4

JJCNV, Trunk Space, 7/14/12

^
Keep New Times Free
I Support
  • Local
  • Community
  • Journalism
  • logo

Support the independent voice of Phoenix and help keep the future of New Times free.

JJCNV Trunk Space Saturday, July 14, 2012

See also: Seriously Joking: Local Punk Trio JJCNV Brings the Noise -- And The Knee-length, Airbrushed Boob T-shirts

Phoenix trio JJCNV -- which used to stand for Janis Joplin Crap N Vomit until the deceased singer's estate made them stop using her name -- is known for being weird. For half a decade, the band's reputation for extravagantly odd stage costumes and naming their songs random things like "Dell Mmmeat" and "Frankie the Beaver" has attracted as much attention as their loud, crunching alt rock. The band released a brand new album, Brainiac Handsome, at its show Saturday night.

Maybe it was the humidity, or maybe it was all part of the stage act, but something felt off.

Taking the stage, singer and guitarist Dana Stern nattily wore a navy blue vintage dress, while Pete Hinz, the band's bassist and vocalist, wore jeans and a T-shirt that said, "A: Me Q: What is both HOT and COOL?" Drummer Jeff Barthold looked to reach the heights of of past zaniness, with a pink wig and a flowy white cotton nightie.

Things got bad weird when their set began with an awkward bit of bickering between Stern and her hubby/bandmate Hinz. It seemed he wanted a cigarette and she wanted to just start the show already (it was nearly midnight by the time they began). The tension between the two persisted through the first three or four songs, until Stern acknowledged it, at which point they just made funny faces at each other for a few seconds.

"Hi, we're JJCNV. This is our first show," Stern sarcastically remarked after another underwhelming round of scattered audience applause at the end of the fifth song. She screamed louder at the end of each song than anyone in the crowd (and not just because she had a microphone).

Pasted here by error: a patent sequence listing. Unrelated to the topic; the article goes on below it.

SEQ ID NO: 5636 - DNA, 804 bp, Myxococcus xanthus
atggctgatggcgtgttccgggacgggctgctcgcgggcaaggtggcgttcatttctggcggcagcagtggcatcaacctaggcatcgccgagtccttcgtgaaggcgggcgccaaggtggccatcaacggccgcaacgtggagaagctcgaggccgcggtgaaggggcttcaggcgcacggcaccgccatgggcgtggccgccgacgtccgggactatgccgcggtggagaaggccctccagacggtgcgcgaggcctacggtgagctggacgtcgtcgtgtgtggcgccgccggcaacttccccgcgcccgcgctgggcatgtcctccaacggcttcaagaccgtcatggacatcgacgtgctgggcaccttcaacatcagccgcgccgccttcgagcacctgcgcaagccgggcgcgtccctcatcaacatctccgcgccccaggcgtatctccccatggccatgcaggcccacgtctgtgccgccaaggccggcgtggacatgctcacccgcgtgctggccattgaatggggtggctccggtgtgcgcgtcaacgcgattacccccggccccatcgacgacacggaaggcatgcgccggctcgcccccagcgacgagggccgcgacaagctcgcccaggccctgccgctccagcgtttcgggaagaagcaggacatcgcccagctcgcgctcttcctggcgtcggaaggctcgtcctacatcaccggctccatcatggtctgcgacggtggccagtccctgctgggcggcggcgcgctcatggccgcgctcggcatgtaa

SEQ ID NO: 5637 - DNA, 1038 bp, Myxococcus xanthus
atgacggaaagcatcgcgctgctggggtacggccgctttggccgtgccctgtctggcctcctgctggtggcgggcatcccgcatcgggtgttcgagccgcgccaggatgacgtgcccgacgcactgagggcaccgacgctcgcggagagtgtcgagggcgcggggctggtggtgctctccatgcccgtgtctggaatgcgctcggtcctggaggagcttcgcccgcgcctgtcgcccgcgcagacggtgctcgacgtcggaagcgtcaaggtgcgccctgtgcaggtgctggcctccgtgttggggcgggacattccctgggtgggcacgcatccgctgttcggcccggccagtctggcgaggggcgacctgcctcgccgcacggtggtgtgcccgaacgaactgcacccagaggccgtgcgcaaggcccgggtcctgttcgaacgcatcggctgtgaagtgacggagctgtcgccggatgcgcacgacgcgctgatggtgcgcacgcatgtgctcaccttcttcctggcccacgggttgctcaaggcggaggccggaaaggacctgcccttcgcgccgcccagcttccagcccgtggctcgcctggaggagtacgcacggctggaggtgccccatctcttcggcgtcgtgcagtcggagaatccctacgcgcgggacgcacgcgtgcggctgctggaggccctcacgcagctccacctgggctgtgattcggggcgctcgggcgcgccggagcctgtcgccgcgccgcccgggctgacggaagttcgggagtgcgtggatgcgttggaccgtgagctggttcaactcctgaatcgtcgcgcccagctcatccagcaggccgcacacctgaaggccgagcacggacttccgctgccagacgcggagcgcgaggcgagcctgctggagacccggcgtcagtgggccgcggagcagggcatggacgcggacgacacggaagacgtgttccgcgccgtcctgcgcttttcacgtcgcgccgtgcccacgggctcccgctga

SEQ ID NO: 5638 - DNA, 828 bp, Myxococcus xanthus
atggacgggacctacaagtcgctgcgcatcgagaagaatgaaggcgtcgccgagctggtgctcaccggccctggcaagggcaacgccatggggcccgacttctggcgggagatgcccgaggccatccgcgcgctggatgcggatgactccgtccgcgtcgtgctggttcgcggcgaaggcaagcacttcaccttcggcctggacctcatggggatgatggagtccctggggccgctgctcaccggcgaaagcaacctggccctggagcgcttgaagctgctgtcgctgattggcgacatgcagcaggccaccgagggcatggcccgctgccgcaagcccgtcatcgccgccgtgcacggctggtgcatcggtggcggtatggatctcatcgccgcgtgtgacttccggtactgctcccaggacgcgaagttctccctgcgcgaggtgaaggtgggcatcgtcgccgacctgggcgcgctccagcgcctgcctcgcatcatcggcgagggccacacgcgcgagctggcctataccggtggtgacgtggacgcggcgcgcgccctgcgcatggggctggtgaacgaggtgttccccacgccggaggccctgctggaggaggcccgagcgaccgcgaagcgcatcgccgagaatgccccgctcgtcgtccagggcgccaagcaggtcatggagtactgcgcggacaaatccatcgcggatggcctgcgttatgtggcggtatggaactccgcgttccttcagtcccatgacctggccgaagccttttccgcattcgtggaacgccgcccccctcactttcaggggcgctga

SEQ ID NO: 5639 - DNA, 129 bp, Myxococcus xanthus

The lukewarm audience participation and response was par for the course of last night's show, though. Even Man Hands, whose set of impassioned guitar rock was the most genuine-feeling of the night and a clear highlight of the show, had lackluster support.

It's not that anyone played particularly poorly, it just felt like people seemed zoned. Perhaps all the weirdness has caught up with us all, and we were dazed, trying to figure it out.

Critic's Notebook Last Night: JJCNV release show at Trunk Space

The Crowd: Rockabilly ladies and nerdy dudes, mostly it seemed to be a constant flux of friends of one of the five bands funneling in and out.

Overheard Outside the Venue: "Oh, that band? They've been around forever."

Personal Bias: I feel like either I am about 10 years too young for this show or this show is about 20 years too late. Random Notebook Dump Part Deux: Why are there so many bands on this bill? It's like a death march of different styles of '90s alterna-punk.

Follow us on Twitter and friend us on Facebook

Keep Phoenix New Times Free... Since we started Phoenix New Times, it has been defined as the free, independent voice of Phoenix, and we would like to keep it that way. Offering our readers free access to incisive coverage of local news, food and culture. Producing stories on everything from political scandals to the hottest new bands, with gutsy reporting, stylish writing, and staffers who've won everything from the Society of Professional Journalists' Sigma Delta Chi feature-writing award to the Casey Medal for Meritorious Journalism. But with local journalism's existence under siege and advertising revenue setbacks having a larger impact, it is important now more than ever for us to rally support behind funding our local journalism. You can help by participating in our "I Support" membership program, allowing us to keep covering Phoenix with no paywalls.

We use cookies to collect and analyze information on site performance and usage, and to enhance and customize content and advertisements. By clicking 'X' or continuing to use the site, you agree to allow cookies to be placed. To find out more, visit our cookies policy and our privacy policy.

 

Join the New Times community and help support independent local journalism in Phoenix.

 

Join the New Times community and help support independent local journalism in Phoenix.